Although these unions are smaller than the two that represent conductors and engineers, a strike by any one of the 12 freight rail unions would be honored by the others and cause the nation's major freight railroads to halt operations.
That in turn would create massive problems for the US economy, snarling still-struggling supply chains and triggering widespread bottlenecks and shortages. About 30 percent of US freight, when measured by weight and distance traveled, moves by rail. Prices of goods from gasoline to food to cars could soar if trains halt. In addition, factories could be forced to shut temporarily due to parts shortages. Goods that consumers want to buy during the holiday season could be missing from store shelves.
The rail unions nearly went on strike last month before eleventh-hour deals were reached September 15 with the unions representing conductors and engineers. The tentative deals followed a marathon 20-hour bargaining session that included direct intervention from President Joe Biden and Labor Secretary Marty Walsh.
The pending new contracts for all the unions include an immediate 14 percent raise with back pay dating to 2020, and pay raises totaling 24 percent during the four-year life of the contracts, which run from 2020 through 2024. They also give union members cash bonuses of $1,000 a year.
All told, the backpay and bonuses will give union members an average payment of $11,000 per worker once the deal is ratified.
Rank-and-file anger at railroad management
But the deals were difficult to negotiate not because of the financial terms, but because of work rules that the unions said had brought engineers and conductors to a breaking point. Staffing shortages had required crew members to be on call seven days a week, ready to report to work on short notice.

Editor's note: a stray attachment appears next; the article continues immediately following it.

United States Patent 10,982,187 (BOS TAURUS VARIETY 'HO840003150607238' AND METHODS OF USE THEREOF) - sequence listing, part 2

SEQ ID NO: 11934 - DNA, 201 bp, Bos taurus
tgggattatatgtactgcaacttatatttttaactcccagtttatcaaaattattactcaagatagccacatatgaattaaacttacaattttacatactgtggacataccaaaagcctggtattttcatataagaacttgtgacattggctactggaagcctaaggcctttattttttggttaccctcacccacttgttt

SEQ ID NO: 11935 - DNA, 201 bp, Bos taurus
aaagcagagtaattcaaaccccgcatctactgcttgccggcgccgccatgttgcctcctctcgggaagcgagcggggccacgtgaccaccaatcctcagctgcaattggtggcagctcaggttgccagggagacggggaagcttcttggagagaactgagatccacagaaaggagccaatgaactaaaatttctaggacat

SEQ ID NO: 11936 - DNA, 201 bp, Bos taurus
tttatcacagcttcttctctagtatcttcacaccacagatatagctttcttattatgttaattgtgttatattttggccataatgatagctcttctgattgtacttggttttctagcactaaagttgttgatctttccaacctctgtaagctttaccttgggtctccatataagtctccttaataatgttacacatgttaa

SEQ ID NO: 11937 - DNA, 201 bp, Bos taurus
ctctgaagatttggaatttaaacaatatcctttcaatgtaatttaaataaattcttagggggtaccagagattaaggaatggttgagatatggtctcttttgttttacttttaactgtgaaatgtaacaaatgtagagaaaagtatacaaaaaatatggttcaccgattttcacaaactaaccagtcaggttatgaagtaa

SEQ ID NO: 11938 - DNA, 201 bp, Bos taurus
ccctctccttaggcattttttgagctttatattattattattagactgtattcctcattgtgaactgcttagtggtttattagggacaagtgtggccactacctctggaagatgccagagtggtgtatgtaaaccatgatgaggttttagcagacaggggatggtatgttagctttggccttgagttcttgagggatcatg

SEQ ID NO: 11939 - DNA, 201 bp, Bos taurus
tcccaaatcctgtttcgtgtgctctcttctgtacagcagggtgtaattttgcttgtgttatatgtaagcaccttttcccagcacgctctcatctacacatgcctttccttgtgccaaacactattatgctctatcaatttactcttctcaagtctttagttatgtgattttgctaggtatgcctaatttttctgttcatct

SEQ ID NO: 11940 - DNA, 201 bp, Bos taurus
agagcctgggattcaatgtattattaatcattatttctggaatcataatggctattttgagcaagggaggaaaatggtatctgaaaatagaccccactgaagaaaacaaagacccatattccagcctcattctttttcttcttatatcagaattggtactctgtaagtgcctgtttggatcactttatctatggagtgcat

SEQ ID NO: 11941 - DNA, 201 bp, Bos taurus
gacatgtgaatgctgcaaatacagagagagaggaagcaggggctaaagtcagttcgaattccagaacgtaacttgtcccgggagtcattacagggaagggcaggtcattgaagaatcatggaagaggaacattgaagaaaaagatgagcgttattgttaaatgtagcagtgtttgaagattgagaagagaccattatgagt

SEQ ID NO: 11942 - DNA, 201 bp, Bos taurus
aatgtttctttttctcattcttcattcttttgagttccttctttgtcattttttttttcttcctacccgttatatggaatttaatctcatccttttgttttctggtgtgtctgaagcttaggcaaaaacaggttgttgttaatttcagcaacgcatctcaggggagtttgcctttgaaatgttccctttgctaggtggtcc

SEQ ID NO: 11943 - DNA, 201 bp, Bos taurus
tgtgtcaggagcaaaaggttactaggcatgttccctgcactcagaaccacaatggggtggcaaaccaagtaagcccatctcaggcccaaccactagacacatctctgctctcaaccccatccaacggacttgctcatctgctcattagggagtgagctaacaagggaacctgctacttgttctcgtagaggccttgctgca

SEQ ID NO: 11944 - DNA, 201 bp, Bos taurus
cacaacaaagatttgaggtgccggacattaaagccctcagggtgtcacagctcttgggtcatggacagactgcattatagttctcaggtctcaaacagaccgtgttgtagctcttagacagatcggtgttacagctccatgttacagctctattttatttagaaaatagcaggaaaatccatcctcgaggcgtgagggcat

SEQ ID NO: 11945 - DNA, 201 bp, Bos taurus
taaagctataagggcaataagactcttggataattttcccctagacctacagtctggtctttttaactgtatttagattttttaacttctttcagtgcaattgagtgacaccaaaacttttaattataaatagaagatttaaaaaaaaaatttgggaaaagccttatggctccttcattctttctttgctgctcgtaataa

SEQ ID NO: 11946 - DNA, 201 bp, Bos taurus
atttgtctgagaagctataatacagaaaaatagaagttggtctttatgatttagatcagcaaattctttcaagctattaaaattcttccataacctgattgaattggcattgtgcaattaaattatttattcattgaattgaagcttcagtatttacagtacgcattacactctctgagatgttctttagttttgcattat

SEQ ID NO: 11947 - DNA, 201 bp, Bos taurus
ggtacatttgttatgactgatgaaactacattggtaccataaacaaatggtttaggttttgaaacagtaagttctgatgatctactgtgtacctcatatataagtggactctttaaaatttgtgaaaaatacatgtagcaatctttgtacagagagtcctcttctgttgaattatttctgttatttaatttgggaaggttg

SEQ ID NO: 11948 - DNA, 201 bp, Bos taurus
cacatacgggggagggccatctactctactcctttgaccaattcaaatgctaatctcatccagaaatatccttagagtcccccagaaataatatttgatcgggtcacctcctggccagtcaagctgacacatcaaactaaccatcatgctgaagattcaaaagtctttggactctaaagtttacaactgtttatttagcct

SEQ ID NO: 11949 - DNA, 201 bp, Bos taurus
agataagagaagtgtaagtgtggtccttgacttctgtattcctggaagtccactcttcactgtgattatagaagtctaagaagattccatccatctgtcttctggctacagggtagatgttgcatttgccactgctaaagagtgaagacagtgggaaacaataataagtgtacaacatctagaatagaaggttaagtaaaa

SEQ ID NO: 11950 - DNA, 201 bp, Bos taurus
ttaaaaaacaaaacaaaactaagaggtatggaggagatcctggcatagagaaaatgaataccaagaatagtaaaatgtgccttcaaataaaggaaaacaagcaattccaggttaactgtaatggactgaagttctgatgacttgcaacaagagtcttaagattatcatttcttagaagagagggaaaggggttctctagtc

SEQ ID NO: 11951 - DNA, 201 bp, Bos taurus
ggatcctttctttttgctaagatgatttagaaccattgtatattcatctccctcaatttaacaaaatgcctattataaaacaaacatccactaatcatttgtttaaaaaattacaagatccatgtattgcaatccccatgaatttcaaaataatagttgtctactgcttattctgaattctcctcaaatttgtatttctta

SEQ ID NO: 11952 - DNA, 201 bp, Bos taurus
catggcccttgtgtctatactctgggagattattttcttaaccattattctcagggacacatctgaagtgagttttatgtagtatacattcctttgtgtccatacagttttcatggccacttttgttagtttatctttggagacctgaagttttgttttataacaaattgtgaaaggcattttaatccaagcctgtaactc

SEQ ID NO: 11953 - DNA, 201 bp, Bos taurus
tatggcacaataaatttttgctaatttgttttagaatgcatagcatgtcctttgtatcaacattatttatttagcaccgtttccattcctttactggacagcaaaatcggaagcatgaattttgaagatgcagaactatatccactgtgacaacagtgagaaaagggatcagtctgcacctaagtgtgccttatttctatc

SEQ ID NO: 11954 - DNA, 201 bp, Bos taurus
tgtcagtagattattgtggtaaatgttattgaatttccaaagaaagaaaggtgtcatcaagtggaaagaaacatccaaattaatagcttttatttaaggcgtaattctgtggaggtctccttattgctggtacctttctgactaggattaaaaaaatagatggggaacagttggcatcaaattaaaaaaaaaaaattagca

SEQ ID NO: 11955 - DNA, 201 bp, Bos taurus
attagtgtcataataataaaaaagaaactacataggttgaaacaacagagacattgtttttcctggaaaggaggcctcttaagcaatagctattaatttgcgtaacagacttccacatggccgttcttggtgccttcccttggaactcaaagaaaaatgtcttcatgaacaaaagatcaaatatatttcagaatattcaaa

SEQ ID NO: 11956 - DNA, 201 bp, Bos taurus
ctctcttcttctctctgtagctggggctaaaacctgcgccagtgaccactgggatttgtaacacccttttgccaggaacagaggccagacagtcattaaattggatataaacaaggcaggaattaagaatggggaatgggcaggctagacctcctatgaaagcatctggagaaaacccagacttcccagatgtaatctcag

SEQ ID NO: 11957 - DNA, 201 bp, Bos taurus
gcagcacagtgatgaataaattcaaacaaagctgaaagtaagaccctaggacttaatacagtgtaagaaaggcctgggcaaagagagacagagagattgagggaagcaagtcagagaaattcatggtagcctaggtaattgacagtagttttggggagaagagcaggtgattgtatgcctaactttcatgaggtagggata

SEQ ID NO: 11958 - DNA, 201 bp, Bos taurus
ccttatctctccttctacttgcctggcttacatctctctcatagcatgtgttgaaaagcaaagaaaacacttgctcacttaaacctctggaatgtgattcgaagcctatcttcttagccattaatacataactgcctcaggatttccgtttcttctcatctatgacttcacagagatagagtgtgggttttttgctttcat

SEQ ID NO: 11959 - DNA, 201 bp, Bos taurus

The conductors’ and engineers’ unions won changes in the existing rules as part of the final negotiations to avoid a strike. Union leaders said without those changes, membership would not have ratified the deal.
But there is concern that anger over the existing rules could prompt some members to vote against a new contract as a way of expressing their frustration — even though the rules have been changed.
Union officials are also concerned the BMWED and signal workers unions’ “no” votes are a sign that the contract will be rejected by rank-and-file conductors and engineers. One union official told CNN Business after the BMWED vote last week that the outcome of those votes was now a “toss-up.”
Baldwin said the reduced staffing levels at the railroads in recent years, and the resulting increased workload for the remaining workers, has angered his members, and that's another factor making it difficult to win approval of the deals.
“We have a lot of members who are not happy with the employers, with good reason,’ he said.
Other unions have rejected proposed deals
Rank and file union anger hasn’t just been expressed at railroads. Union members working in other industries have recently balked at approving deals, even when recommended by their leadership. Although most union contracts are ratified, there have been some very high-profile examples of union members voting “no.”
About 10,000 members of the United Auto Workers at farm equipment maker John Deere went on strike last fall after rejecting a tentative agreement. That rejected offer included immediate raises in their base pay of 5 percent to 6 percent, and additional wage increases later in the contract that could have lifted average pay by about 20 percent over the six-year life of the contract. And it had a cost-of-living adjustment that would give workers additional pay based on future inflation.
But more than 90 percent of the UAW members at Deere voted no and went on strike, and then stayed on strike after rejecting a subsequent offer. They finally returned to work after five weeks following a third vote on a similar package.
Striking workers at cereal maker Kellogg also rejected a tentative deal and decided to stay on strike in December before finally agreeing to a contract weeks later.